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I recently realized that in learning to write JavaScript using jQuery, I learned JS syntax, but I never really learned JS. So the project here is to mimic jQuery methods using only native JavaScript.

I started with a function of the global window object which returns a set of methods that I would commonly use:

window.iq = (function(){
    return {

    id: function(id) {
            return document.getElementById(id);
    },

    // Several other similar methods
})();

So, now I can invoke that method like so:

iq.id('elementID') //and so forth

I'm having trouble writing a method that mimics jQuery's .click(). I can attach a click handler to a set of elements like so:

[].forEach.call(iq.selAll('a'), function(el) { // selAll is the short version of document.querySelectorAll()
    el.addEventListener('click', function(){
        // do stuff
    });

I haven't been able to figure out how to write a method that does that, so that each time I want to fire a click event on an element or set of elements, I can just write:

iq.click('element', function(){
    // do stuff
});

Here is my non-working attempt at this:

click: function(el) {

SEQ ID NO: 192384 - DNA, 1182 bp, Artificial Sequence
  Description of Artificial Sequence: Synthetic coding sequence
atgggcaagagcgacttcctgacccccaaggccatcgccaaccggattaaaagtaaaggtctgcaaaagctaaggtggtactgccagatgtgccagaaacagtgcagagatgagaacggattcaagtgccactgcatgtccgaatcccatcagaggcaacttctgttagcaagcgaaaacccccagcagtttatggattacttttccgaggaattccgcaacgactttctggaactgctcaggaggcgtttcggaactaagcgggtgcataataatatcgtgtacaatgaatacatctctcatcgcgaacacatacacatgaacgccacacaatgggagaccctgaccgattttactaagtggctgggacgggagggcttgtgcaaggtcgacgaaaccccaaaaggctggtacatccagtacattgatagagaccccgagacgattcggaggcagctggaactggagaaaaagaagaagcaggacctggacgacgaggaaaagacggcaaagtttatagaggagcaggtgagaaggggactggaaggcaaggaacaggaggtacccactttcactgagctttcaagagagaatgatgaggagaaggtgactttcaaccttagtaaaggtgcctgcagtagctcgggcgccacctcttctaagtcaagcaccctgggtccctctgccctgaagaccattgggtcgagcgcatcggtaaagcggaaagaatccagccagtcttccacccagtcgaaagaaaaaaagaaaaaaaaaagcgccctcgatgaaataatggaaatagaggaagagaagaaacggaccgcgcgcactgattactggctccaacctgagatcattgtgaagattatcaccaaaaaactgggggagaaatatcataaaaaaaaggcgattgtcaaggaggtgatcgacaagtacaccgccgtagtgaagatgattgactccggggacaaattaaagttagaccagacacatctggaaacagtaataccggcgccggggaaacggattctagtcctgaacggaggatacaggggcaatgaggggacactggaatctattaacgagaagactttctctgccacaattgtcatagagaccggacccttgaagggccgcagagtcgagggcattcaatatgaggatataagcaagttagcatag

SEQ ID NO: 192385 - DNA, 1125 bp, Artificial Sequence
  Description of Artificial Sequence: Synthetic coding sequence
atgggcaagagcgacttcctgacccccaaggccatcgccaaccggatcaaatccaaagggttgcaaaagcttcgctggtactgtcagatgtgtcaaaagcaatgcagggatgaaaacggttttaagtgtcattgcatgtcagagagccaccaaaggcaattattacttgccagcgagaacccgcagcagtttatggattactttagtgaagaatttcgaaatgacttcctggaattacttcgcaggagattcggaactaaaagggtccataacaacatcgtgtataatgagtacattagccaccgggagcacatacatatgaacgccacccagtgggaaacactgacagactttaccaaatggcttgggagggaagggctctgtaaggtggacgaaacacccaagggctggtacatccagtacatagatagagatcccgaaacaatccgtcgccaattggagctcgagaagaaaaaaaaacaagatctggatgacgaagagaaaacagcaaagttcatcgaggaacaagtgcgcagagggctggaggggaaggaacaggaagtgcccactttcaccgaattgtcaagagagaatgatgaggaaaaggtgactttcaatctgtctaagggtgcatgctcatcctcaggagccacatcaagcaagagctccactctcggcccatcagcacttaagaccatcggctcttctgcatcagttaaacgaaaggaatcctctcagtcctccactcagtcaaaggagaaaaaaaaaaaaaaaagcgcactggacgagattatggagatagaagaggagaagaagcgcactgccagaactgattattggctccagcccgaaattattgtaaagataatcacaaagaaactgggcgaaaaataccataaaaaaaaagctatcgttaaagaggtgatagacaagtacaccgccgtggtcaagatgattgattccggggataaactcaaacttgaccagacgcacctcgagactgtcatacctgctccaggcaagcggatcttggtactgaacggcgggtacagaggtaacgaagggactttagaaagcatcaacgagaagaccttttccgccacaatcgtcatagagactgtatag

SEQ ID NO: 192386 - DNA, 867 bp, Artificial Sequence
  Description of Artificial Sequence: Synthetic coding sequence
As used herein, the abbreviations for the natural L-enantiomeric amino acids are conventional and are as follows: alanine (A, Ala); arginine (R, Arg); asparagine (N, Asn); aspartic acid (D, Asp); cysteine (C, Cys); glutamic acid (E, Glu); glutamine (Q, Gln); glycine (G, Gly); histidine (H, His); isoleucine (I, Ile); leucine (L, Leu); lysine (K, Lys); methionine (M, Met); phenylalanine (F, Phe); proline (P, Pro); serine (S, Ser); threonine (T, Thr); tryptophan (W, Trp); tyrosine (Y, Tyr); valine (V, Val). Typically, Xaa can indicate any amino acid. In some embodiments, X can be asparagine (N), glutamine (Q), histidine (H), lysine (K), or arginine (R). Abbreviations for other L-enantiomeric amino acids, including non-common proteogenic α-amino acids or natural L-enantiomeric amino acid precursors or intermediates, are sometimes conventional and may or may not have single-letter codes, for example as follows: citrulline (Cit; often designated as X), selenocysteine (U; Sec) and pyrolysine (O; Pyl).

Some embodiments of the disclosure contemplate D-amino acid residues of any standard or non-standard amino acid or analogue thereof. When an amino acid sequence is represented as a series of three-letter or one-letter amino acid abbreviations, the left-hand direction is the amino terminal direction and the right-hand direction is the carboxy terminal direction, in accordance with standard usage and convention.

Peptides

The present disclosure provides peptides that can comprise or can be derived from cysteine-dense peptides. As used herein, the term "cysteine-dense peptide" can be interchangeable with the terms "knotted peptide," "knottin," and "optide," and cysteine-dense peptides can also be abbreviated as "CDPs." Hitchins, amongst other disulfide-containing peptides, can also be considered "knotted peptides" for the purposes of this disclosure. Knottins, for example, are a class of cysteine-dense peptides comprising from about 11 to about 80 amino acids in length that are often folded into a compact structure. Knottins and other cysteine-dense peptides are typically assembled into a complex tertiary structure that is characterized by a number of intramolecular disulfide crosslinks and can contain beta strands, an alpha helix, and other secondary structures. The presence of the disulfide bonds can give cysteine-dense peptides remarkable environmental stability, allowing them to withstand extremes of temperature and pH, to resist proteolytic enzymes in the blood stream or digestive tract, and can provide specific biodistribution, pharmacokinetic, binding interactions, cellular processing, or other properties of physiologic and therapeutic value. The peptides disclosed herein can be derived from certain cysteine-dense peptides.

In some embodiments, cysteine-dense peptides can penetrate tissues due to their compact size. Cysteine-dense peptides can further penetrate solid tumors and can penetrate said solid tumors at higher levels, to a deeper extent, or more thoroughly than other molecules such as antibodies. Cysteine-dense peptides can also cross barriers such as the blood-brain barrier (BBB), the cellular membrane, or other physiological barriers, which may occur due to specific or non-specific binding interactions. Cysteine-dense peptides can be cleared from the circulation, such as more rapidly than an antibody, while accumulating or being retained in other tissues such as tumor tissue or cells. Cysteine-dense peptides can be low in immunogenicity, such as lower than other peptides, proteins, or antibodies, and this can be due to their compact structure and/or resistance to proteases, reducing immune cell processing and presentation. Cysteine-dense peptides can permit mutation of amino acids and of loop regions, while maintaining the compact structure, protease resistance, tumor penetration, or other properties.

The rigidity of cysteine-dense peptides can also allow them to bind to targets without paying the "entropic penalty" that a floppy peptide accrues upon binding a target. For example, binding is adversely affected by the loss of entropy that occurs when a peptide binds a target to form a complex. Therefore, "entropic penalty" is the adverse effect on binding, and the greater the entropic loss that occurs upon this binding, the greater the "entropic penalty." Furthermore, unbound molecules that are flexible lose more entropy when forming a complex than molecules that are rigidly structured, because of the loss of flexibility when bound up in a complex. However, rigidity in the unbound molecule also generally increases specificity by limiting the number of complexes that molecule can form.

return [].forEach.call(iq.selAll(el), function(el) {
        el.addEventListener('click');
    });
}

As always, I very much appreciate any advice or guidance.

share|improve this question

1 Answer 1

Your code is missing the second parameter to the click method, which is the actual handler function:

click: function(el, handler) {
    return [].forEach.call(iq.selAll(el), function(el) {
        el.addEventListener('click', handler, false);
    });
}
share|improve this answer
    
Thanks! So the handler is the function when I call iq.click('a', function(){? Is the handler always going to be a function? Also, according to MDN, the third parameter is useCapture, which defaults to false. Even after reading the docs I'm not entirely sure what that may be used for :-0 –  MyCompassSpins Jun 14 at 16:06
    
Yes, the handler is always a function. Though you don't need to pass a function expression (the function(){…} thing), you can also pass variables or anything else that produces a function (handler in my answer is a variable). The useCapture flag is only interesting when it's set to true, read about the DOM event dispatch phases –  Bergi Jun 14 at 16:57
    
Awesome, thanks for the help. –  MyCompassSpins Jun 14 at 19:29

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